MessageToEagle.com - IRIS spacecraft - the Interface Region Imaging Spectrograph - is scheduled to
launch in April 2013, according to NASA.
IRIS will study the little-understood lower levels of the sun's atmosphere.
Now, final testing is underway.
Iris spacecraft will make use of high-resolution images, data and advanced computer models to unravel how matter,
light, and energy move from the sun's 6,000 K (10,240 F / 5,727 C) surface to its million K (1.8 million F / 999,700 C)
outer atmosphere, the corona.
IRIS Launch, Deploy and Beauty Pass Animation
Such movement ultimately heats the sun's atmosphere to temperatures much hotter than the surface, and also powers solar
flares and coronal mass ejections, which can have societal and economic impacts on Earth.
Click on image to enlarge
The fully integrated spacecraft and science instrument for NASA's Interface Region Imaging Spectrograph (IRIS) mission is seen in a clean room at the Lockheed Martin
Space Systems Sunnyvale, Calif. facility. The solar arrays are deployed in the configuration they will assume when in orbit. Credit: Lockheed Martin
"This is the first time we'll be directly observing this region since the 1970s," says Joe Davila, IRIS project scientist
at NASA's Goddard Space Flight Center in Greenbelt, Md. "We're excited to bring this new set of observations to bear on
the continued question of how the corona gets so hot."
A fundamentally mysterious region that helps drive heat into the corona, the lower levels of the atmosphere -- namely
two layers called the chromosphere and the transition region -- have been notoriously hard to study.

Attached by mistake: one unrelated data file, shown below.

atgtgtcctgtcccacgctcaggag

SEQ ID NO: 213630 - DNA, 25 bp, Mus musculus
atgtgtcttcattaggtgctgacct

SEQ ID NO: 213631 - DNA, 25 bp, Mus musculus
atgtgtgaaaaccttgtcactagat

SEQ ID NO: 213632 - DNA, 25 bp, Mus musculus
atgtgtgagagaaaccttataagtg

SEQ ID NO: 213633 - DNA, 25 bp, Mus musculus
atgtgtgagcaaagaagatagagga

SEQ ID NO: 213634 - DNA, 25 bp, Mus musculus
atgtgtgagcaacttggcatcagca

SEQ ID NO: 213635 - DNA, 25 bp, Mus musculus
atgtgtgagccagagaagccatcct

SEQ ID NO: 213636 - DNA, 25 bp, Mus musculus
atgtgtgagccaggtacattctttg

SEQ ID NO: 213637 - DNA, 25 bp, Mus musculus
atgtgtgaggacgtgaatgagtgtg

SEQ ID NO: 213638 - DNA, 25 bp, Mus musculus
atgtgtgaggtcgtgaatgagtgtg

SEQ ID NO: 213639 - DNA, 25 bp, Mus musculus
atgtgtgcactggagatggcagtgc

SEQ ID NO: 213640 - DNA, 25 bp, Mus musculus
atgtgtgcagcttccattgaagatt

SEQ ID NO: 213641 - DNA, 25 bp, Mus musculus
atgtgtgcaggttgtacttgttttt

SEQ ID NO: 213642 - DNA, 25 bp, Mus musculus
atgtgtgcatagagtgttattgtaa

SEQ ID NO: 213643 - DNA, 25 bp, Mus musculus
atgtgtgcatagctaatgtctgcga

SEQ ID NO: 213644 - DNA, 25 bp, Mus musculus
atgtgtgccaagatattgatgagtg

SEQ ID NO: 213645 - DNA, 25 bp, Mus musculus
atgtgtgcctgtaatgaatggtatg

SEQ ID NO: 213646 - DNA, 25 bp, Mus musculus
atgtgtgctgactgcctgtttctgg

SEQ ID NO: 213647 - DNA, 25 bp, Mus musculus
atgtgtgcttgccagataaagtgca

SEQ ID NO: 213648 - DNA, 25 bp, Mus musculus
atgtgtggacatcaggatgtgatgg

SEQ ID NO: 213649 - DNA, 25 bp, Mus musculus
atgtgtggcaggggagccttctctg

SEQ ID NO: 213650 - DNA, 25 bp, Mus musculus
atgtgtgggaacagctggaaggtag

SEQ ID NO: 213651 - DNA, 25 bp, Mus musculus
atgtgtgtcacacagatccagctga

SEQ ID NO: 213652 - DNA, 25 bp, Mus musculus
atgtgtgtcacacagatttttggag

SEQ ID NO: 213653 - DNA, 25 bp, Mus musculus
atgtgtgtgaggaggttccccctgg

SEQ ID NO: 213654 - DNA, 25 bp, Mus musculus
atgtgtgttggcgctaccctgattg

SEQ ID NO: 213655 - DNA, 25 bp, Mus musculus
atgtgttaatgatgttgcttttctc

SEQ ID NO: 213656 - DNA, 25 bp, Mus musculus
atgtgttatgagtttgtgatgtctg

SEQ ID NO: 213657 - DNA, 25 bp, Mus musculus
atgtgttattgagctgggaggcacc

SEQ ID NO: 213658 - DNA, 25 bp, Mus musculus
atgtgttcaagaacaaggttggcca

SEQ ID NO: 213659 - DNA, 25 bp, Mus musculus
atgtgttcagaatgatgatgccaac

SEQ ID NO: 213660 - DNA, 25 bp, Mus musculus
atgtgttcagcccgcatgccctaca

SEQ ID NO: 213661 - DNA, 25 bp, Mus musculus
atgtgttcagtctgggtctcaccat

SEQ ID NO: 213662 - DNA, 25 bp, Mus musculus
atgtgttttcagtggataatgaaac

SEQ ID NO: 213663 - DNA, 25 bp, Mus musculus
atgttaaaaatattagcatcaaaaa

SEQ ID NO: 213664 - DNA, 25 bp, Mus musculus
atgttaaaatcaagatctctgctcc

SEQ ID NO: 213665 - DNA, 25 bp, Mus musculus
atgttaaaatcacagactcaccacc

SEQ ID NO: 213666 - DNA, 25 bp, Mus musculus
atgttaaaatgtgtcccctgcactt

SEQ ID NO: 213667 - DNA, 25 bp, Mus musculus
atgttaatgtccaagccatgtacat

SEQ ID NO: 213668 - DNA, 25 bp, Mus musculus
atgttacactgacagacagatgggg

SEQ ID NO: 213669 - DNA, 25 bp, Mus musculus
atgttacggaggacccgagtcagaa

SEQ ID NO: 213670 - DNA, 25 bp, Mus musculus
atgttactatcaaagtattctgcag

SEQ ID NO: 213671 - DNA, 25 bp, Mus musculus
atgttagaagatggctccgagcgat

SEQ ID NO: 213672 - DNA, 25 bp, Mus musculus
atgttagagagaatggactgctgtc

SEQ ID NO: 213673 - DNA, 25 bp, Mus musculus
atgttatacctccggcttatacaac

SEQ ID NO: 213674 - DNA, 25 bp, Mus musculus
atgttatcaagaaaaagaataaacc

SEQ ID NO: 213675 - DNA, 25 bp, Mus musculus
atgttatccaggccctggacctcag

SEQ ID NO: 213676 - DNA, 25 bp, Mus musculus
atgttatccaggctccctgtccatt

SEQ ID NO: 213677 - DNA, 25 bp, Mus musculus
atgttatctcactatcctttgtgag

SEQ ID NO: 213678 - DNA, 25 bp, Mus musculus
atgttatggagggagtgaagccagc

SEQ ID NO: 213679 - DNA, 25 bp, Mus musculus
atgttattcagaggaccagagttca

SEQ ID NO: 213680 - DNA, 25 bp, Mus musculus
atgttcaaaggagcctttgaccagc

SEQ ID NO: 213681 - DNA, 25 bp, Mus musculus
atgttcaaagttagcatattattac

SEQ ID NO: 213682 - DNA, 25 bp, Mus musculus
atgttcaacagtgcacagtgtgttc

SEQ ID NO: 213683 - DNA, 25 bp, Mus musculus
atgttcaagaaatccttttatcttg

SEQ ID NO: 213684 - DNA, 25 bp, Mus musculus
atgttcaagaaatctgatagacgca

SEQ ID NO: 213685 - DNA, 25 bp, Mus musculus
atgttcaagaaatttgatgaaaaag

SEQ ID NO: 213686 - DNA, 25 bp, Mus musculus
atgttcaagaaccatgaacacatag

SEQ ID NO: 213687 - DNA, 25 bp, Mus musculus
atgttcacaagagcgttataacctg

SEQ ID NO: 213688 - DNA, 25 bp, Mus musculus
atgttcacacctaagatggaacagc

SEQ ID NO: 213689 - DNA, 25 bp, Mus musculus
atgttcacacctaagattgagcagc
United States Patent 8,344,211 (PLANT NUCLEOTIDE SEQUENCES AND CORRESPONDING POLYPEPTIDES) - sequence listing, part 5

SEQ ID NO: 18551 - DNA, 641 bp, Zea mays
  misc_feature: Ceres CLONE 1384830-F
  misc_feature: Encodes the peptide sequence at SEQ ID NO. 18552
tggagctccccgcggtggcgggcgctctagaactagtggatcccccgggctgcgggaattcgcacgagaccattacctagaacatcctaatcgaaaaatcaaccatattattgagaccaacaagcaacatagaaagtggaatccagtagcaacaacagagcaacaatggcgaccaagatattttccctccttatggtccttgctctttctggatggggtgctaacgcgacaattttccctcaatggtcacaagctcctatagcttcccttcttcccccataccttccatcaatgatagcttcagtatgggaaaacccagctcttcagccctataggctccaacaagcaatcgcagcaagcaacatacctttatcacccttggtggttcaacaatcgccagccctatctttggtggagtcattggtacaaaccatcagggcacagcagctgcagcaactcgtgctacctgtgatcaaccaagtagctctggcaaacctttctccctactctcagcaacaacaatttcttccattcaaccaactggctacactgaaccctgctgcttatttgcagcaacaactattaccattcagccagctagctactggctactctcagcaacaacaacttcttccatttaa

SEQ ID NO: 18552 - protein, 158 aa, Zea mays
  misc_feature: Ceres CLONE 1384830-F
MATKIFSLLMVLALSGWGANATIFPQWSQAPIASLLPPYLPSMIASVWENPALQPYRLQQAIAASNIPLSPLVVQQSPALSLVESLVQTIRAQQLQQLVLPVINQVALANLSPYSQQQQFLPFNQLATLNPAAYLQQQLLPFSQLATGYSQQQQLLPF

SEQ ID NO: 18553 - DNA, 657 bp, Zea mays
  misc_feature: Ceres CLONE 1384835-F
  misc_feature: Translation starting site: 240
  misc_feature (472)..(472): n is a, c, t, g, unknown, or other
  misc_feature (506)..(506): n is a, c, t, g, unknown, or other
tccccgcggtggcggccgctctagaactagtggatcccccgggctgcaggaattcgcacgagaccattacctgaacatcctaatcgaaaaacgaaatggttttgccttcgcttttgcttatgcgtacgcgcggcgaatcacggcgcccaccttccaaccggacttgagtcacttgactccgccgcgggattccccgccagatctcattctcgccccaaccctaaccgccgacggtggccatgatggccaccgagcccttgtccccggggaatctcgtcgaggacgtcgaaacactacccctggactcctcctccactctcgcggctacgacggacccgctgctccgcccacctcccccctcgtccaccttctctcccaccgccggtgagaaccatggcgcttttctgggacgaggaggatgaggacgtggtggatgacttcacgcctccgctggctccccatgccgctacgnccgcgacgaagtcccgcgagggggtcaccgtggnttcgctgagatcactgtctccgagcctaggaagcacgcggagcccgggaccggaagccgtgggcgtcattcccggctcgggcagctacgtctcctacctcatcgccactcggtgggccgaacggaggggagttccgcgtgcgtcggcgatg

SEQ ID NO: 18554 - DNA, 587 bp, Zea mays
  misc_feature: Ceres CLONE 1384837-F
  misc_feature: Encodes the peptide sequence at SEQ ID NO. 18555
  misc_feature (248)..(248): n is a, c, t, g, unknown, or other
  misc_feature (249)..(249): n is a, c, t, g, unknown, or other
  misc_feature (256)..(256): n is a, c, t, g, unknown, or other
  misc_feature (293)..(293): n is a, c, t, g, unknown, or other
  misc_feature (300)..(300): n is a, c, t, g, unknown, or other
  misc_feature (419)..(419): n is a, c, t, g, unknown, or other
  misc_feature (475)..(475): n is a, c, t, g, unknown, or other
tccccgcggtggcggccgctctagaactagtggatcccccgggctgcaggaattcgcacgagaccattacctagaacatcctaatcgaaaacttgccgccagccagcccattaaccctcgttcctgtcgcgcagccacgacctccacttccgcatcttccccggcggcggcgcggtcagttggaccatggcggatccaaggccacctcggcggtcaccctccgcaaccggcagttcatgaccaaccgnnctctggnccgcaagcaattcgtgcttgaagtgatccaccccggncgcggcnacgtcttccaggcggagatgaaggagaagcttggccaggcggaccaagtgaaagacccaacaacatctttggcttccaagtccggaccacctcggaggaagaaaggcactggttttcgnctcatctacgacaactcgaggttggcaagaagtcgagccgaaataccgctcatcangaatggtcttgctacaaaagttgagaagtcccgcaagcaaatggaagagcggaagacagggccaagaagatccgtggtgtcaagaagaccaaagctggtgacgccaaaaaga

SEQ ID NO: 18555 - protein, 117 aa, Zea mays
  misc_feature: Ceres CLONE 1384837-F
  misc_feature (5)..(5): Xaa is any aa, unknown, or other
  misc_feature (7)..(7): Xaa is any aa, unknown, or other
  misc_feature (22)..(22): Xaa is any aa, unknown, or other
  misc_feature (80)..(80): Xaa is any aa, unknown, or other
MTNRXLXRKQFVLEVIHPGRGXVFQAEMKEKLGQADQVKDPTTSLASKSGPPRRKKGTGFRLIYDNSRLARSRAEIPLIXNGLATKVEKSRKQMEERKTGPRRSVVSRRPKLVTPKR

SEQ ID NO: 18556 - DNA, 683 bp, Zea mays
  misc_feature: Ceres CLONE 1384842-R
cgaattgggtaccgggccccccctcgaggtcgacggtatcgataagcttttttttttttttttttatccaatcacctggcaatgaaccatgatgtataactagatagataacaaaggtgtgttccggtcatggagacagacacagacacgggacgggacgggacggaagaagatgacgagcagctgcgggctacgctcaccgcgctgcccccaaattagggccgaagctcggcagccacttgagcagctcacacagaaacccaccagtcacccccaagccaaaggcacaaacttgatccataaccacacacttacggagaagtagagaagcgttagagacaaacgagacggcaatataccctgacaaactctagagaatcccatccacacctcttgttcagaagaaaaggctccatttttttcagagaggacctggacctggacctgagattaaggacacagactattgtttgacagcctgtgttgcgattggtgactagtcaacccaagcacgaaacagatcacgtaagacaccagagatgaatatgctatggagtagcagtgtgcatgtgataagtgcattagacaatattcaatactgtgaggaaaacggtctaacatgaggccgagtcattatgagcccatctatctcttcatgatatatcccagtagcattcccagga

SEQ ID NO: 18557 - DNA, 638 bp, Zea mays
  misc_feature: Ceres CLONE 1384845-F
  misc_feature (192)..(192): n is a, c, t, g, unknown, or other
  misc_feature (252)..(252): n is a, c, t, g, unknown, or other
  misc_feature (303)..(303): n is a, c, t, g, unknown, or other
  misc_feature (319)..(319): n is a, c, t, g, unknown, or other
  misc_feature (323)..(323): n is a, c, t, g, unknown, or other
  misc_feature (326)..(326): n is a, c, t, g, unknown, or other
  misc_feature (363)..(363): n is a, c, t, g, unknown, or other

IRIS will be able to tease apart what's happening there better than ever before by providing observations to pinpoint
physical forces at work near the surface of the sun.
The mission carries a single instrument: an ultraviolet telescope combined with an imaging spectrograph that will both
focus on the chromosphere and the transition region.
The telescope will see about one percent of the sun at a time and resolve that image to show features on the sun as
small as 150 miles (241.4 km) across.
Click on image to enlarge
Lockheed Martin Space Systems engineer Cathy Chou, integration and test lead for NASA's Interface Region Imaging Spectrograph (IRIS) observatory,
inspects the IRIS solar telescope in a clean room at the company's Advanced Technology Center in Palo Alto, Calif. Credit: Lockheed Martin
The instrument will capture a new image every five to ten seconds, and spectra about every one to two seconds.
Spectra will cover temperatures from 4,500 K to 10,000,000 K (7,640 F/4,227 C to 18 million F/10 million C), with images
covering temperatures from 4,500 K to 65,000 K (116,500 F/64,730 C).
These unique capabilities will be coupled with state of the art 3-D numerical modeling on supercomputers, such as Pleiades,
housed at NASA's Ames Research Center in Moffett Field, Calif. Indeed, recent improvements in computer power to analyze the
large amount of data is crucial to why IRIS will provide better information about the region than ever seen before.
"The interpretation of the IRIS spectra is a major effort coordinated by the IRIS science team that will utilize the full
extent of the power of the most advanced computational resources in the world. It is this new capability, along with development
of state of the art codes and numerical models by the University of Oslo that captures the complexities of this region, which
make the IRIS mission possible. Without these important elements we would be unable to fully interpret the IRIS spectra," said
Alan Title, the IRIS principal investigator at the Advanced Technology Center (ATC) Solar and Astrophysics Laboratory in Palo
"NASA Ames is pleased to partner with Lockheed Martin on this exciting mission," said John Marmie, assistant project
manager at Ames.
The IRIS observatory will launch from Vandenberg Air Force Base, Calif., and will fly in a sun-synchronous polar orbit
for continuous solar observations during a two-year mission.